7/18/2011 6:24 PM
ALBUQUERQUE – July 18, 2011: Since premiering on Broadway in October of 2003, Wicked has broken countless box office records and now ranks among the top 20 longest running Broadway plays in history. Since the very beginning, Wicked's worldwide production crew has relied on Sennheiser's wireless transmitters and receivers in all its performances.
Michael "Fodder" Carrico and Anthony Jones supervise the audio operations for Wicked's Second North American Tour. They are responsible for keeping the audio running smoothly during the shows, monitoring the performance of the wireless RF and mixing the shows from FOH. For each show on the tour, Sennheiser plays a foundational role in their wireless infrastructure. Wicked Sound Designer Tony Meola was responsible for choosing Sennheiser. "All of the wireless we use on the tour is Sennheiser," Jones says. "We have 44 SK 5212 body pack transmitters coupled with Sennheiser's top of the line EM 3732 receivers -- these cover the microphones for the entire cast."
As one can imagine, adhering to the production schedule while on the road with Wicked is fundamentally important. By lunchtime on the first day of load-in, the crew likes to have the sound up and running in time to make any fine-tuning adjustments. Jones says that the SK 5212 is an enormous time saver in this regard since wireless pairing is done automatically via a built-in infrared sensor. "You just enter the frequency into the receiver, hold the transmitter next to it and then you're done. Then you can move on and work on something else."
Jones also likes the transparent display and controls of the EM 3732, which makes his job easier: "One of the things I like best about the EM 3732 is the fact that you can see so much of what is happening right on the display of the receiver. You can look up squelch, audio levels or RF levels and then make any necessary adjustments because all the controls are right in front of you."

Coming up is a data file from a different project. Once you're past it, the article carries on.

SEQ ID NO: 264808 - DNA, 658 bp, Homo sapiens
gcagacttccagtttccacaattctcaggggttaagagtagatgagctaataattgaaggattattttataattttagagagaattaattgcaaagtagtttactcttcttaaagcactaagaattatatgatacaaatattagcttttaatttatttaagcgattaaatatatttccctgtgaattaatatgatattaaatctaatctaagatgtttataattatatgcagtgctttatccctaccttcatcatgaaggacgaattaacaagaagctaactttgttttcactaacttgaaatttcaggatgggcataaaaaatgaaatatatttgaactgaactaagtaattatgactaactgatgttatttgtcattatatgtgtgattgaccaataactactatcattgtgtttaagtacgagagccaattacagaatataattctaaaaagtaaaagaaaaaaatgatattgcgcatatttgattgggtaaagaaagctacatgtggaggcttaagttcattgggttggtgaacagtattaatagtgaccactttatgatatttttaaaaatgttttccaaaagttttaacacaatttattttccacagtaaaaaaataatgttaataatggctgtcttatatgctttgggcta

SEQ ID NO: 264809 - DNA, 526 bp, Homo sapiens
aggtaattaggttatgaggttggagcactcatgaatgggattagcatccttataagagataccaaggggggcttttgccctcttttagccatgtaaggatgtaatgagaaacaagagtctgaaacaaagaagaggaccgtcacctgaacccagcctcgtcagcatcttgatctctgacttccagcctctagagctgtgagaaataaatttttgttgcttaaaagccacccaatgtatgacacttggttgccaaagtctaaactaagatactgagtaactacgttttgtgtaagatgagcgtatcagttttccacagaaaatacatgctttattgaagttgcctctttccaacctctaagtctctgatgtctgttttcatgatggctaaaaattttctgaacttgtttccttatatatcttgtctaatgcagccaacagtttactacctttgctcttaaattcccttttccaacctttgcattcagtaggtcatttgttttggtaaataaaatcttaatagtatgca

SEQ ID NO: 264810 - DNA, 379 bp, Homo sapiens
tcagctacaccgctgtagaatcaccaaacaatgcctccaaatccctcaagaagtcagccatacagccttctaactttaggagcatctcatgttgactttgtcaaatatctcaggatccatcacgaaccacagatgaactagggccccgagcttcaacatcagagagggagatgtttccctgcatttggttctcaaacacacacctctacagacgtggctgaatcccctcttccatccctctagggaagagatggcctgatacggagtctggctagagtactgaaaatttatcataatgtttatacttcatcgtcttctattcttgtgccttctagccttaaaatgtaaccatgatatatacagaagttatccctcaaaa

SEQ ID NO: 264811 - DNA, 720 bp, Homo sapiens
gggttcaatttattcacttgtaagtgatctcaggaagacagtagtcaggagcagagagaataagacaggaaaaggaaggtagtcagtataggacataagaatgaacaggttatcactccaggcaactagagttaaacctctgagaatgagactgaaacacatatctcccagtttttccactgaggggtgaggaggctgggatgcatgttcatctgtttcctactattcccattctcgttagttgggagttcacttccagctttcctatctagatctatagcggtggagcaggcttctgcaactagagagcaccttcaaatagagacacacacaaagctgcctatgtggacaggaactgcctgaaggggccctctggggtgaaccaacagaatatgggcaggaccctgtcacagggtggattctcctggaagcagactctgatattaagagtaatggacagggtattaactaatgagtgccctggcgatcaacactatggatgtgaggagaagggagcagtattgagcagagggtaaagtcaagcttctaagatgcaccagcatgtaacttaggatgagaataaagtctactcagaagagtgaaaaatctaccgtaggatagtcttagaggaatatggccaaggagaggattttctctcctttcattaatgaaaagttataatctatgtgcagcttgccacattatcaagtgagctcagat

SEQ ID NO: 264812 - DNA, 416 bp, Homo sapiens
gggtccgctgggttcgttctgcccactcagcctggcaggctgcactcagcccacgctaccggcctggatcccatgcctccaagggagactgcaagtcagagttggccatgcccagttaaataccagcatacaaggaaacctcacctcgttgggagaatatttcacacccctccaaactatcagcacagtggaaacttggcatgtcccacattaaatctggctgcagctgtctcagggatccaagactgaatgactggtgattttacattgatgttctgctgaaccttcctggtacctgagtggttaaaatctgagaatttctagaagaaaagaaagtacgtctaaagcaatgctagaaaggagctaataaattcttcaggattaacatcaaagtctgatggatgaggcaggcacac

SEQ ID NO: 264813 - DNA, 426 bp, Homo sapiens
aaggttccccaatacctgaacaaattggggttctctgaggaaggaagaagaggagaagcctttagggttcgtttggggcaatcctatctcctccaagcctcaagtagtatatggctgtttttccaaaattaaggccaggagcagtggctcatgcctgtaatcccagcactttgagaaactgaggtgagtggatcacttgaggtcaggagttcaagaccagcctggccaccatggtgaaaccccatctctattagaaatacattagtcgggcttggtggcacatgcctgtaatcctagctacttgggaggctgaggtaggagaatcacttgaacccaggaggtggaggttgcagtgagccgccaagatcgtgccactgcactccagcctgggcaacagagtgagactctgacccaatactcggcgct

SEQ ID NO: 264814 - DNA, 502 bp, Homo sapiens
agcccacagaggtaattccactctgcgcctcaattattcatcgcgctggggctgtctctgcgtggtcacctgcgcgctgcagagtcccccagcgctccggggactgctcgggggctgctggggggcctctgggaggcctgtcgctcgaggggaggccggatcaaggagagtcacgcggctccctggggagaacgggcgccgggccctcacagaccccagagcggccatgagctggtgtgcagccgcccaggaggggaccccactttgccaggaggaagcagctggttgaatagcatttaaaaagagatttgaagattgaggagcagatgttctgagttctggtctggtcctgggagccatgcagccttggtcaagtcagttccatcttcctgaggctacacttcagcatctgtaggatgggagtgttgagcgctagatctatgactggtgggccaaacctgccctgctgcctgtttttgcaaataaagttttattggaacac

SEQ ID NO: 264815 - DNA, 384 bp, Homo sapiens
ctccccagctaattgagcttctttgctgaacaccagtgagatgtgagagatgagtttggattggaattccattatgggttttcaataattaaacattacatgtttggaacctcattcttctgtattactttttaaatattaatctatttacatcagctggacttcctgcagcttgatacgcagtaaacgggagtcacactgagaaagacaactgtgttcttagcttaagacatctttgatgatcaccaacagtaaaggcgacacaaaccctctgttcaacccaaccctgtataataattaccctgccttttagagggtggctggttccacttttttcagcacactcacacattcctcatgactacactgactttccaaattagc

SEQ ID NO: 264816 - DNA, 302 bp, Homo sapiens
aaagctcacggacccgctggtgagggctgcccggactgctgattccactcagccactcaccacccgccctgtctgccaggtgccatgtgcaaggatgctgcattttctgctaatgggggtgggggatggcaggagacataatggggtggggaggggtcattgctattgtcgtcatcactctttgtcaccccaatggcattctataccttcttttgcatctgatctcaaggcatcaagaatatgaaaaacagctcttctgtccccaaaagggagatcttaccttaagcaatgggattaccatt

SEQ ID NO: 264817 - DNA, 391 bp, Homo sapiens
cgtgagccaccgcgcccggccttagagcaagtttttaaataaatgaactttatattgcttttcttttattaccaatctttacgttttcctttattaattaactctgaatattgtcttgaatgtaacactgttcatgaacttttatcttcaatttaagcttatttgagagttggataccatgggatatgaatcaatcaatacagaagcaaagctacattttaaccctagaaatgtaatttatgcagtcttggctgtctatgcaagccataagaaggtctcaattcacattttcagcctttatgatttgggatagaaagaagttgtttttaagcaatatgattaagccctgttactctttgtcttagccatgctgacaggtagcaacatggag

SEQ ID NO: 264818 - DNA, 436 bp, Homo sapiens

Finally, Sennheiser's Wireless Systems Manager (WSM) software gives Jones and Carrico full visibility into the entire wireless operation, helping eliminate operational and logistical challenges. "You've got 44 receivers that could be set up in a basement somewhere,” Jones says. “Before you go running around trying to solve a problem, you can boot up WSM and see if it is RF strain on an antenna, a dead battery or even if the muting is on. This saves a lot of headache."
Paying a Visit to Sennheiser in Albuquerque
Recently, the Wicked tour passed through Albuquerque, where Sennheiser has a wireless plant that manufactures microphones, wireless personal monitors and wireless transmission systems. Jones and Carrico took the opportunity to visit the plant and see the people and the process behind the products. "We were playing for three weeks at Popejoy Hall at University of New Mexico," Jones recalls. "We were invited on a tour of the facility and it was very enlightening to say the least."
Jones and Carrico were given a behind-the-scenes tour by Joe Fortuin, general manager of Sennheiser New Mexico. Among other things, they noticed the 'clean rooms' and rigorous testing environments that play a role in the Sennheiser manufacturing process day in and day out, as well as the meticulous focus of the plant's employees. "It is easy to take for granted how all this equipment is made, as well as the effort and expertise that goes into it,” Jones says. “It was immediately clear to us that they are very serious about everything that they do there."
The iconic musical's Second North American Tour -- which runs in tandem with other performances of Wicked around the world, including the Broadway production -- began in Ft. Myers, Florida in March of 2009 and has since performed for many thousands of fans across the United States.